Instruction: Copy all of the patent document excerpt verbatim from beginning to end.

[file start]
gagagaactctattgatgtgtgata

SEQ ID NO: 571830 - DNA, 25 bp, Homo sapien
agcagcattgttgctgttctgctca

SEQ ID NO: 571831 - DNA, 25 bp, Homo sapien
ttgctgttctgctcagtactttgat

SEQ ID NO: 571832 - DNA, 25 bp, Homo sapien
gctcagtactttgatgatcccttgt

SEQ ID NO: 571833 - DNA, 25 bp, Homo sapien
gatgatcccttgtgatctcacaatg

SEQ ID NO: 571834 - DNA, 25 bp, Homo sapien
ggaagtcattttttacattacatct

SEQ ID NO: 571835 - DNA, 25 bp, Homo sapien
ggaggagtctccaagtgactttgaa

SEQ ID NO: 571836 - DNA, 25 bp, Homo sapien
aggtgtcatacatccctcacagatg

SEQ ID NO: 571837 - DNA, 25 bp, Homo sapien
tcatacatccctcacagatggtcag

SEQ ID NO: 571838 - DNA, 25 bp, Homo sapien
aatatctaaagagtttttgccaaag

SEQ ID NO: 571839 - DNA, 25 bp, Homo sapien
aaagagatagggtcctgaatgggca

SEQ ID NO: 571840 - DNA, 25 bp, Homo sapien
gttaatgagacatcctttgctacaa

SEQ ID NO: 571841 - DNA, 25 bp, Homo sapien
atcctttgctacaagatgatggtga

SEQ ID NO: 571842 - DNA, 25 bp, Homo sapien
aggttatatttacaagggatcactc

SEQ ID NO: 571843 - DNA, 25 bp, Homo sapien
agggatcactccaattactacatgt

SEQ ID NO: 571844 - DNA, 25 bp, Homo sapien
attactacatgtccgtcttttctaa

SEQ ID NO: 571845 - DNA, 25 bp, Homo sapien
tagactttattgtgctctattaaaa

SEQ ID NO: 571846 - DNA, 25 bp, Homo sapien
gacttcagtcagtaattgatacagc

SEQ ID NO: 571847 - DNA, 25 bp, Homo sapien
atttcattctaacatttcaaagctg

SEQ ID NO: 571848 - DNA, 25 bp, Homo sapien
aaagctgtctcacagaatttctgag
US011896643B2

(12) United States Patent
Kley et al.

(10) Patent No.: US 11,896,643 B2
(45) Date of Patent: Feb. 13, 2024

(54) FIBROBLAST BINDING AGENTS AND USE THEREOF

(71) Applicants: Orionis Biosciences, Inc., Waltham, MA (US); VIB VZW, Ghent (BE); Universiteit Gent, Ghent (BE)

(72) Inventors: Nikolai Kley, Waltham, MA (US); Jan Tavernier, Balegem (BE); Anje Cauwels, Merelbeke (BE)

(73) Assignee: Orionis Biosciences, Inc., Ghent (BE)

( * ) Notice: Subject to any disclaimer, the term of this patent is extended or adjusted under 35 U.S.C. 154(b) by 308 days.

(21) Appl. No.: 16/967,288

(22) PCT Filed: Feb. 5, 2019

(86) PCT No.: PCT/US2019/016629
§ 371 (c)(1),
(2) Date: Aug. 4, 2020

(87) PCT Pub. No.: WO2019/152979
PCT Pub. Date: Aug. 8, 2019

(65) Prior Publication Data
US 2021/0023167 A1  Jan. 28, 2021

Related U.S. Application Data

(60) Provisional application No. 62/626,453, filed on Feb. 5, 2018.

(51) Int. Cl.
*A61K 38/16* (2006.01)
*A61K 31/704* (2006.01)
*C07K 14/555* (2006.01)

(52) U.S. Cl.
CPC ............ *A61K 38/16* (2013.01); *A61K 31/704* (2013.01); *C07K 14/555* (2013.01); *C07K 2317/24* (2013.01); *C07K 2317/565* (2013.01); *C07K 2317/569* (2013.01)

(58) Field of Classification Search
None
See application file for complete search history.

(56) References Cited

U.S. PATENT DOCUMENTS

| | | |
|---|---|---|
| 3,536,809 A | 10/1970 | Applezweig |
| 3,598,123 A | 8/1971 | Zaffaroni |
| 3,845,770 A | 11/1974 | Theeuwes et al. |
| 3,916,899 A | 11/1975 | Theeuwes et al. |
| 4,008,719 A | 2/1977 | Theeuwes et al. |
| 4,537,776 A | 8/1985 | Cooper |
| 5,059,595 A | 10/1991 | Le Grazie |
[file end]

gagagaactctattgatgtgtgata

SEQ ID NO: 571830 - DNA, 25 bp, Homo sapien
agcagcattgttgctgttctgctca

SEQ ID NO: 571831 - DNA, 25 bp, Homo sapien
ttgctgttctgctcagtactttgat

SEQ ID NO: 571832 - DNA, 25 bp, Homo sapien
gctcagtactttgatgatcccttgt

SEQ ID NO: 571833 - DNA, 25 bp, Homo sapien
gatgatcccttgtgatctcacaatg

SEQ ID NO: 571834 - DNA, 25 bp, Homo sapien
ggaagtcattttttacattacatct

SEQ ID NO: 571835 - DNA, 25 bp, Homo sapien
ggaggagtctccaagtgactttgaa

SEQ ID NO: 571836 - DNA, 25 bp, Homo sapien
aggtgtcatacatccctcacagatg

SEQ ID NO: 571837 - DNA, 25 bp, Homo sapien
tcatacatccctcacagatggtcag

SEQ ID NO: 571838 - DNA, 25 bp, Homo sapien
aatatctaaagagtttttgccaaag

SEQ ID NO: 571839 - DNA, 25 bp, Homo sapien
aaagagatagggtcctgaatgggca

SEQ ID NO: 571840 - DNA, 25 bp, Homo sapien
gttaatgagacatcctttgctacaa

SEQ ID NO: 571841 - DNA, 25 bp, Homo sapien
atcctttgctacaagatgatggtga

SEQ ID NO: 571842 - DNA, 25 bp, Homo sapien
aggttatatttacaagggatcactc

SEQ ID NO: 571843 - DNA, 25 bp, Homo sapien
agggatcactccaattactacatgt

SEQ ID NO: 571844 - DNA, 25 bp, Homo sapien
attactacatgtccgtcttttctaa

SEQ ID NO: 571845 - DNA, 25 bp, Homo sapien
tagactttattgtgctctattaaaa

SEQ ID NO: 571846 - DNA, 25 bp, Homo sapien
gacttcagtcagtaattgatacagc

SEQ ID NO: 571847 - DNA, 25 bp, Homo sapien
atttcattctaacatttcaaagctg

SEQ ID NO: 571848 - DNA, 25 bp, Homo sapien
aaagctgtctcacagaatttctgag
US011896643B2

(12) United States Patent
Kley et al.

(10) Patent No.: US 11,896,643 B2
(45) Date of Patent: Feb. 13, 2024

(54) FIBROBLAST BINDING AGENTS AND USE THEREOF

(71) Applicants: Orionis Biosciences, Inc., Waltham, MA (US); VIB VZW, Ghent (BE); Universiteit Gent, Ghent (BE)

(72) Inventors: Nikolai Kley, Waltham, MA (US); Jan Tavernier, Balegem (BE); Anje Cauwels, Merelbeke (BE)

(73) Assignee: Orionis Biosciences, Inc., Ghent (BE)

( * ) Notice: Subject to any disclaimer, the term of this patent is extended or adjusted under 35 U.S.C. 154(b) by 308 days.

(21) Appl. No.: 16/967,288

(22) PCT Filed: Feb. 5, 2019

(86) PCT No.: PCT/US2019/016629
§ 371 (c)(1),
(2) Date: Aug. 4, 2020

(87) PCT Pub. No.: WO2019/152979
PCT Pub. Date: Aug. 8, 2019

(65) Prior Publication Data
US 2021/0023167 A1  Jan. 28, 2021

Related U.S. Application Data

(60) Provisional application No. 62/626,453, filed on Feb. 5, 2018.

(51) Int. Cl.
*A61K 38/16* (2006.01)
*A61K 31/704* (2006.01)
*C07K 14/555* (2006.01)

(52) U.S. Cl.
CPC ............ *A61K 38/16* (2013.01); *A61K 31/704* (2013.01); *C07K 14/555* (2013.01); *C07K 2317/24* (2013.01); *C07K 2317/565* (2013.01); *C07K 2317/569* (2013.01)

(58) Field of Classification Search
None
See application file for complete search history.

(56) References Cited

U.S. PATENT DOCUMENTS

| | | |
|---|---|---|
| 3,536,809 A | 10/1970 | Applezweig |
| 3,598,123 A | 8/1971 | Zaffaroni |
| 3,845,770 A | 11/1974 | Theeuwes et al. |
| 3,916,899 A | 11/1975 | Theeuwes et al. |
| 4,008,719 A | 2/1977 | Theeuwes et al. |
| 4,537,776 A | 8/1985 | Cooper |
| 5,059,595 A | 10/1991 | Le Grazie |